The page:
Hubs of excellence
May 22, 2010
1 Banaras Hindu University
The Halls of Ivy
Chanting expansion mantra has catapulted the university to new heights.
Established in 1916, BHU was founded by social reformer and freedom fighter Madan Mohan Malviya who travelled extensively across the country to gather funds and donations to set up the university.
The fact that BHU offers several courses has turned out to be its USP. What has also worked in our favour is the fact that the campus still maintains the socio-cultural ethos of India.
-- D.P. Singh, vice-chancellor, BHU
In his endeavours, he was supported by social activist Annie Besant. Once the foundation of the university was laid, studying in BHU became a rage among the students. Such was the euphoria that at the time of third Parliament around 1962, as many as 137 MPs were BHU alumni. Mahatma Gandhi himself visited the university about 13 times and lived with the students and teachers to guide them on matters related to the freedom struggle and to emphasise on the importance of education. It is no surprise then that the university has produced a number of eminent politicians, scientists, bureaucrats and has churned out numerous success stories.
In fact, BHU's role in setting up the higher education network is often forgotten. BHU played an integral part in setting up the now internationally recognised Indian Institute of Technology. "We had already set up the technology and engineering institutes at a time when there were no such institutes in the country," says Professor B.N. Pandey, head of the media and public relations cell.
In 1918, BHU had its full-fledged engineering institute called the Institute of Technology (IT) with departments like glass technology, geophysics, and metallurgy. Many alumni of this college have been responsible for setting up the modern IITs. "You may highlight the IITs and other institutes, but the fact is that it was BHU that played a pivotal role in the creation of the today's IITs," says an IT professor, adding that almost all BHU students in IT get placed every year while the students of the medical, agriculture and science departments also get lucrative offers. Pandey says that at present BHU registers highest number of research papers and thesises in the country.
Science may seem like BHU's core strength but the humanities form an essential asset to the university. The frontrunner here is the Department of Musicology that has played a pioneering role in developing the theoretical aspect of the discipline. It has also given a number of musicians and instrumentalists to the country like eminent violinist N. Rajan.
Over the years, BHU has included a number of courses in its syllabi, from astrology and metallurgy to visual and performing arts. Spread across 3,000 acres of sprawling land, the BHU campus has more than 30,000 students and more than 2,000 faculty members. "What attracts the students from India and abroad is the variety of courses. I do not think there would be any other university in the country that offers 140 courses under one umbrella," says Vinod Singh, a BHU alumnus working with the All India Radio.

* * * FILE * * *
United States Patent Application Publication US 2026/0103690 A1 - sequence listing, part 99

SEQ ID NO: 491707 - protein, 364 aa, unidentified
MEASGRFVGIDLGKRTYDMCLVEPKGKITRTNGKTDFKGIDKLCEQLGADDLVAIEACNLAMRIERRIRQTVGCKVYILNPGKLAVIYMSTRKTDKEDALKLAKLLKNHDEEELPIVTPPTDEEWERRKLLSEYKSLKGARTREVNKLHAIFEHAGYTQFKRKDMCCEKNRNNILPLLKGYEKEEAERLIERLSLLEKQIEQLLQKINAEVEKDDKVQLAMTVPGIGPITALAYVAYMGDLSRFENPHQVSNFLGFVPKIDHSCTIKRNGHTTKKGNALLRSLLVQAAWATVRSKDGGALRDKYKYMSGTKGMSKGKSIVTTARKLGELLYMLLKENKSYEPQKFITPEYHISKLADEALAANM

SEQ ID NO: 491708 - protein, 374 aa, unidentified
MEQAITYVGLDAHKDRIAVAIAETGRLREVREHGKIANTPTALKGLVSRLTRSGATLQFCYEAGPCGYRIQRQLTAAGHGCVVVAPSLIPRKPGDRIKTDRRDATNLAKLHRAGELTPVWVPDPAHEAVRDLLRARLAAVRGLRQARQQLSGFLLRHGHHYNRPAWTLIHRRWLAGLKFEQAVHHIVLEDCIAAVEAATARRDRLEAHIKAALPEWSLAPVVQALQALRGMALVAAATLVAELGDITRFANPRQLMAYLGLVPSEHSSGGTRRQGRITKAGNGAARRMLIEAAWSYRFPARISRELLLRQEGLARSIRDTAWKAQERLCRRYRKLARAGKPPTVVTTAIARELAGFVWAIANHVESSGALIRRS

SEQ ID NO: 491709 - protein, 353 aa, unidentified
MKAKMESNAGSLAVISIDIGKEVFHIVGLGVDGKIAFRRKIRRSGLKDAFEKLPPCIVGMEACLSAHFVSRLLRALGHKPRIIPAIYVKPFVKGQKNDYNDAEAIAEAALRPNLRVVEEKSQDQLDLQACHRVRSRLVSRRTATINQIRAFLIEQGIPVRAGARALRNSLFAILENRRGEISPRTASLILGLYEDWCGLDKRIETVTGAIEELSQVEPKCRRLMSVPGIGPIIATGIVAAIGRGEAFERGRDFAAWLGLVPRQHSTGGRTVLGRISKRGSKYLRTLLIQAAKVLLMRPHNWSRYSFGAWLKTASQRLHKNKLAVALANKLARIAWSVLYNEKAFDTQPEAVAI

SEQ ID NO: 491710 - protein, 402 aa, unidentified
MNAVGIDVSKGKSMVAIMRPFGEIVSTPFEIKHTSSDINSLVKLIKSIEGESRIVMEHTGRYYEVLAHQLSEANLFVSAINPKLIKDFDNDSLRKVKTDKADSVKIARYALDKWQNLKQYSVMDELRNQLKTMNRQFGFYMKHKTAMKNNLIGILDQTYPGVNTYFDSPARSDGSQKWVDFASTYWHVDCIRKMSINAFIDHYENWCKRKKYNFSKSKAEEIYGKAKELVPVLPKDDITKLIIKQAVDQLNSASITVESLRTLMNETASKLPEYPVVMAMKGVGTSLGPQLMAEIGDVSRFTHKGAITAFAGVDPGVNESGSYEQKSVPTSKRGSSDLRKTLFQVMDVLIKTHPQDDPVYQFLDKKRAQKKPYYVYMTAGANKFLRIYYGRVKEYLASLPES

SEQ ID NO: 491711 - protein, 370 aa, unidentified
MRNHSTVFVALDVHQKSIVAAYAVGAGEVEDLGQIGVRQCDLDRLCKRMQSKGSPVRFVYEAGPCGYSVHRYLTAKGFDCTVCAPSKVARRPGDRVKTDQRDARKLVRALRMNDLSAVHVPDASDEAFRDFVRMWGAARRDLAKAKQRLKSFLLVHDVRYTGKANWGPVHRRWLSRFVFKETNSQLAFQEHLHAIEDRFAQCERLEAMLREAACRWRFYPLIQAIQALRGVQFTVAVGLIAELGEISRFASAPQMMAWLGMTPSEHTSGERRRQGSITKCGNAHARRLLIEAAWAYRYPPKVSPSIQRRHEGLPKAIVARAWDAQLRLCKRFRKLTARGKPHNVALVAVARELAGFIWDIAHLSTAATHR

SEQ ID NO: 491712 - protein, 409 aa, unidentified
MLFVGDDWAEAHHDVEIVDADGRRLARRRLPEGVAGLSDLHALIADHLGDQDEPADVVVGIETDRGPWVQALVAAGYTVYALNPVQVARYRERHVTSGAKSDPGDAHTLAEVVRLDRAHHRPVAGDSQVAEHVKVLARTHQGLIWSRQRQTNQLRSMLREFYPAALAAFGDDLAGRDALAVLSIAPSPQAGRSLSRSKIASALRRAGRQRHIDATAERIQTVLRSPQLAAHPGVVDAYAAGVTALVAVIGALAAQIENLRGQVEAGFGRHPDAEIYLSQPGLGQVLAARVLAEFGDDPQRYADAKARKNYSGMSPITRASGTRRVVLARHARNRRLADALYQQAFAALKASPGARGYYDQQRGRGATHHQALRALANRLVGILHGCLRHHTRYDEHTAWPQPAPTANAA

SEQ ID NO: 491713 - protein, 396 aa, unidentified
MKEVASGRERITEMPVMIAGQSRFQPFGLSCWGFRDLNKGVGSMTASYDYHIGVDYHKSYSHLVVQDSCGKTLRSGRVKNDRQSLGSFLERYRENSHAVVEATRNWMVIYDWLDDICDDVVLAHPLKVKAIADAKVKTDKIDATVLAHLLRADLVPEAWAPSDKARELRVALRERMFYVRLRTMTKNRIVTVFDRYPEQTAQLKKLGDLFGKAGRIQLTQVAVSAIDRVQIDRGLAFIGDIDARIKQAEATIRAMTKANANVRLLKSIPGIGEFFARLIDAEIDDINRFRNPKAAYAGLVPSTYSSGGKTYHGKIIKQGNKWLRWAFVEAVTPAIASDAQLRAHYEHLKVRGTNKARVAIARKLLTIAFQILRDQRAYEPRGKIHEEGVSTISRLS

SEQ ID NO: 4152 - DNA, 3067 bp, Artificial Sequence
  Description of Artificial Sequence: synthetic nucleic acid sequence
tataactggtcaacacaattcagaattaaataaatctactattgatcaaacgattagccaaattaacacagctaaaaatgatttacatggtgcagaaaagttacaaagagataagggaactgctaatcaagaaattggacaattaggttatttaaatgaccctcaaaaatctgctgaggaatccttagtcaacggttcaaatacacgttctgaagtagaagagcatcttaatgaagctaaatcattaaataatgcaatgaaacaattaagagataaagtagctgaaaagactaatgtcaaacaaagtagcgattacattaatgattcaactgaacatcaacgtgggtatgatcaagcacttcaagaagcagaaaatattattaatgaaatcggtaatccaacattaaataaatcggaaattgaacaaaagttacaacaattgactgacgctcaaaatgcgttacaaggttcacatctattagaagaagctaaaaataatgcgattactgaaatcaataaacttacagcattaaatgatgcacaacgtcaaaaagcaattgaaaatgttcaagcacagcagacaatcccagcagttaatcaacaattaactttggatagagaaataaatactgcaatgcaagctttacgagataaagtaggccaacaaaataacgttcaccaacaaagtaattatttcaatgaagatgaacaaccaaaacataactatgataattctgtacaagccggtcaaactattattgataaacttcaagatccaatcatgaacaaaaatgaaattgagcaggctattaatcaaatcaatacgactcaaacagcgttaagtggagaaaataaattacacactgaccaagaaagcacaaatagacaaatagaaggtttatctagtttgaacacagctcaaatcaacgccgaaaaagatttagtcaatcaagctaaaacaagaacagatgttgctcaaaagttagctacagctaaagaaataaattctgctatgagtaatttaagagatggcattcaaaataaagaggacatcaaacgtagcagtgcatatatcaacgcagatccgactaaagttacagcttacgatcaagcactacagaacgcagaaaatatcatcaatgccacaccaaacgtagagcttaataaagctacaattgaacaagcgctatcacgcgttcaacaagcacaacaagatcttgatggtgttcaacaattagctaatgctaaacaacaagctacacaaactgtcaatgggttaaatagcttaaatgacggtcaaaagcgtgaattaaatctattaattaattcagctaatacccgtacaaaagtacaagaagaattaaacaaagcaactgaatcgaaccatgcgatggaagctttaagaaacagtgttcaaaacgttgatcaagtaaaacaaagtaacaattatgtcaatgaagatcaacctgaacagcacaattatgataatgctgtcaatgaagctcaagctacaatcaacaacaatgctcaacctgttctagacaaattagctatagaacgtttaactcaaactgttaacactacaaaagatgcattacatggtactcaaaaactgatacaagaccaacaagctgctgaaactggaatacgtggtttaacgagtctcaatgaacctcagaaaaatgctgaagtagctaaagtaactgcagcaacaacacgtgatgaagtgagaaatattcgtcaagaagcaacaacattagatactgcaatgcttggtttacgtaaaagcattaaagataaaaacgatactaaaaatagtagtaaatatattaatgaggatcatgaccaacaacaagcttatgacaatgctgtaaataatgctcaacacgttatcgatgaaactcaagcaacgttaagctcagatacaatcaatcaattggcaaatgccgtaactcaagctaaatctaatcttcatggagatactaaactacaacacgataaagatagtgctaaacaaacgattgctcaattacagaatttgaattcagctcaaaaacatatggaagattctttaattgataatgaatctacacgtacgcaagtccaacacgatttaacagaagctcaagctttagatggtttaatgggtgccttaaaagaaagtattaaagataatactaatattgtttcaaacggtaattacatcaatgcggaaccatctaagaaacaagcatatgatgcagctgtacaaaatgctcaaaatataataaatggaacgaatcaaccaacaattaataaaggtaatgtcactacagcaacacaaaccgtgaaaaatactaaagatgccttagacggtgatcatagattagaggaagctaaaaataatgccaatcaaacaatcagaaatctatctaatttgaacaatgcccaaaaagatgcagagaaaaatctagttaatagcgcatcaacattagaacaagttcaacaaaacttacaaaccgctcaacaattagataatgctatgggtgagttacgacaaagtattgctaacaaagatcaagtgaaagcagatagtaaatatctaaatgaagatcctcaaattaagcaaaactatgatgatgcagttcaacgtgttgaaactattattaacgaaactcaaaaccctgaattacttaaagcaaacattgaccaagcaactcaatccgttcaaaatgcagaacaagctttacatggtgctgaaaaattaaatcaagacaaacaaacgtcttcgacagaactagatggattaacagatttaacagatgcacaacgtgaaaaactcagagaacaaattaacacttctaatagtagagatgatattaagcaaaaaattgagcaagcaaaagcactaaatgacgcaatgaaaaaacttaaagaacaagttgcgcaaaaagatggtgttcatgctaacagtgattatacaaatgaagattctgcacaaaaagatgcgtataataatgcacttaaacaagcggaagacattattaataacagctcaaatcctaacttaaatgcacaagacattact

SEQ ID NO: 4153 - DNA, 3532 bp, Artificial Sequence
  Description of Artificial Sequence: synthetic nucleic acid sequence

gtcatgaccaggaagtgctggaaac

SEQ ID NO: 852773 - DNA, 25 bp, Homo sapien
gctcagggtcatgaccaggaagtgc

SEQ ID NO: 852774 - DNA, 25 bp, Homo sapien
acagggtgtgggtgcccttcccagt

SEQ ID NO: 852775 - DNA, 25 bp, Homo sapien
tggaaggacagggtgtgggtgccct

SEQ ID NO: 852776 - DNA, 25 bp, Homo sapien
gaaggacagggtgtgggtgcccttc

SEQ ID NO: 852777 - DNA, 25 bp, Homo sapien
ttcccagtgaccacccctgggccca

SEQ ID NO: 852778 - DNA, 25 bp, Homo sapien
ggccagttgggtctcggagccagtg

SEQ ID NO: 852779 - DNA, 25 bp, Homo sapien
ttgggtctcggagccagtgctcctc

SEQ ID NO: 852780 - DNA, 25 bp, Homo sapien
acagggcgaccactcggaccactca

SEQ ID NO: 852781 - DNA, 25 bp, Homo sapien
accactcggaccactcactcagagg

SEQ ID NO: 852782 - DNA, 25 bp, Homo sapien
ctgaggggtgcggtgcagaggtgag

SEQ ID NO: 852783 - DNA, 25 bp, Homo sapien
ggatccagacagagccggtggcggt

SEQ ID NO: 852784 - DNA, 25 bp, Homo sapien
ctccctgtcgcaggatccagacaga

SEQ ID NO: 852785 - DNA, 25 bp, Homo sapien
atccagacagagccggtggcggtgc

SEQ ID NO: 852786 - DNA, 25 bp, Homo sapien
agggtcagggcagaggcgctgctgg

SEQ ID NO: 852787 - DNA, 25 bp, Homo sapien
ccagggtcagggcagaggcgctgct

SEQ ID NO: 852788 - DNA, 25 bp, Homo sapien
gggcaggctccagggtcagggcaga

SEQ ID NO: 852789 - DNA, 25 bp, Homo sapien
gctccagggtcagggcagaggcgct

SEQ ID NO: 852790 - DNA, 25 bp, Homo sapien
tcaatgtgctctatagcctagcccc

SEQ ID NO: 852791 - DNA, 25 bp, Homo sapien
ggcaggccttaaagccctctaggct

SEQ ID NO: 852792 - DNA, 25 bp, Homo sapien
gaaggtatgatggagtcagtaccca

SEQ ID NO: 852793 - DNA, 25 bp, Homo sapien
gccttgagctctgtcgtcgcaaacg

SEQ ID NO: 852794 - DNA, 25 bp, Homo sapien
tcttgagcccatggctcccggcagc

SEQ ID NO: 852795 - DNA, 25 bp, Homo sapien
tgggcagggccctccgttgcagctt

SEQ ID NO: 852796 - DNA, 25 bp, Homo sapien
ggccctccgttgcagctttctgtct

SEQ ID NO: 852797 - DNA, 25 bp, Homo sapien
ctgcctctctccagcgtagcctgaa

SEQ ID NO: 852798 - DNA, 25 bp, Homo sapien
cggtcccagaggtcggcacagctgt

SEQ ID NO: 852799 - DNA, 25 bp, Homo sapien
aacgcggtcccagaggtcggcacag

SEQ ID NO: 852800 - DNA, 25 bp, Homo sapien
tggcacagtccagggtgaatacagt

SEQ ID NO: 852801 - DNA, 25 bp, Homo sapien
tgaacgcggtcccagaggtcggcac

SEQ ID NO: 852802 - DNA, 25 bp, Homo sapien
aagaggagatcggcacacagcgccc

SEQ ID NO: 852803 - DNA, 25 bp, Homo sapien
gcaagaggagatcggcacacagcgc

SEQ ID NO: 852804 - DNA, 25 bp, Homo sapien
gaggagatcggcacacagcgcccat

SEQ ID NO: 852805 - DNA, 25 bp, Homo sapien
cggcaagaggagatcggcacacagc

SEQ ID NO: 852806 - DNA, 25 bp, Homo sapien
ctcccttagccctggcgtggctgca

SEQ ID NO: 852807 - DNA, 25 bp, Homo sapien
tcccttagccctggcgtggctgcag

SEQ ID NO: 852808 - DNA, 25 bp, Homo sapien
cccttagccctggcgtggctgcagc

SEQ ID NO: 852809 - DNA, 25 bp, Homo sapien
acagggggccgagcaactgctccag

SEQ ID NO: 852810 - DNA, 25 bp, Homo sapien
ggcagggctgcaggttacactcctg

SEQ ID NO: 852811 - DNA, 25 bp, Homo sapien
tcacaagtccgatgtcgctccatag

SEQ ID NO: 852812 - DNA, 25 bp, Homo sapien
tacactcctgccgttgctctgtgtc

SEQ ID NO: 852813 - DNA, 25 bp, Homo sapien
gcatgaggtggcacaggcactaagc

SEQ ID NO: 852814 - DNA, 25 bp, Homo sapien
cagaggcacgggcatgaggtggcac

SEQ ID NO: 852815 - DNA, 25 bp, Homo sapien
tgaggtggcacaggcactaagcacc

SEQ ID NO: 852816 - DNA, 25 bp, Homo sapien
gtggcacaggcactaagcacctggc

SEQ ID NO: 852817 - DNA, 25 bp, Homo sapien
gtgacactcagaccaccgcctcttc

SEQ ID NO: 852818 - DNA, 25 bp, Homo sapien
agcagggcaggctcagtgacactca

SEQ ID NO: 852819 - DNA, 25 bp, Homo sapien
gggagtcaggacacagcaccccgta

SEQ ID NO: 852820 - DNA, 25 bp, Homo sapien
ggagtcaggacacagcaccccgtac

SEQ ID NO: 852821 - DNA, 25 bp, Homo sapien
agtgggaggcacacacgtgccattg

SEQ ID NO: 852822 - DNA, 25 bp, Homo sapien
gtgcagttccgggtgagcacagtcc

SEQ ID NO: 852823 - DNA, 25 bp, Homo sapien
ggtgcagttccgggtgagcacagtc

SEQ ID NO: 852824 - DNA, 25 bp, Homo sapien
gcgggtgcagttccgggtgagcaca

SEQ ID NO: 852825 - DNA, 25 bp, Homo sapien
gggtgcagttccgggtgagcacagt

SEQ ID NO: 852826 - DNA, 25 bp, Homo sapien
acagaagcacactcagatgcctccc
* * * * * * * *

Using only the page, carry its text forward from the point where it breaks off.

BHU has also come up with innovative ideas such as 'Earn While You Learn', a scheme that has become immensely popular among young people in the campus. The students are given Rs 50 per hour for working in important areas of social work that include working in hospitals. "A number of students who come from the economically poor background get substantial support, thanks to the scheme," says Dr Ashutosh Shukla of the BHU Medical College and Hospital.
The university was rated in the 'A' category by the National Assessment Accreditation Council. Many of its other departments too have received acclaim for the quality of education. For instance, the immunology and biological sciences department was ranked third, agricultural and biological sciences was ranked seventh, biochemistry, genetics and molecular biology was ranked eighth. A number of foreign students also seek admission in this prestigious university.
Its past achievements may be intimidating but expansion and innovation into the future has kept BHU on its feet. The Rajiv Gandhi South Campus of the BHU in Mirzapur, 80 km from Varanasi, offers 45 courses that aim at rural empowerment, and there are plans to expand it further. "We are planning to develop the second campus as a place where students can be guided and work towards rural development," says Pandey. The University Grants Commission (UGC) has allocated Rs 27 crore as grant for the Rajiv Gandhi South Campus.
Vice-Chancellor D.P. Singh has already raised the issue of expansion in front of the Ministry of Human Resource Development. Next in line is the plan to set up Institute of Environment and Sustainable Development with funding from the UGC at the South Campus. "The Prime Minister's Office has itself declared this university best in the top three," says Pandey. With such elaborate plans, the university is on its way to achieve new milestones.
by Subhash Mishra
View the 9-page PDF version of the article in print copy here:BHURanks-1.pdf
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Institute of Technology, Banaras Hindu University
Varanasi 221005, UP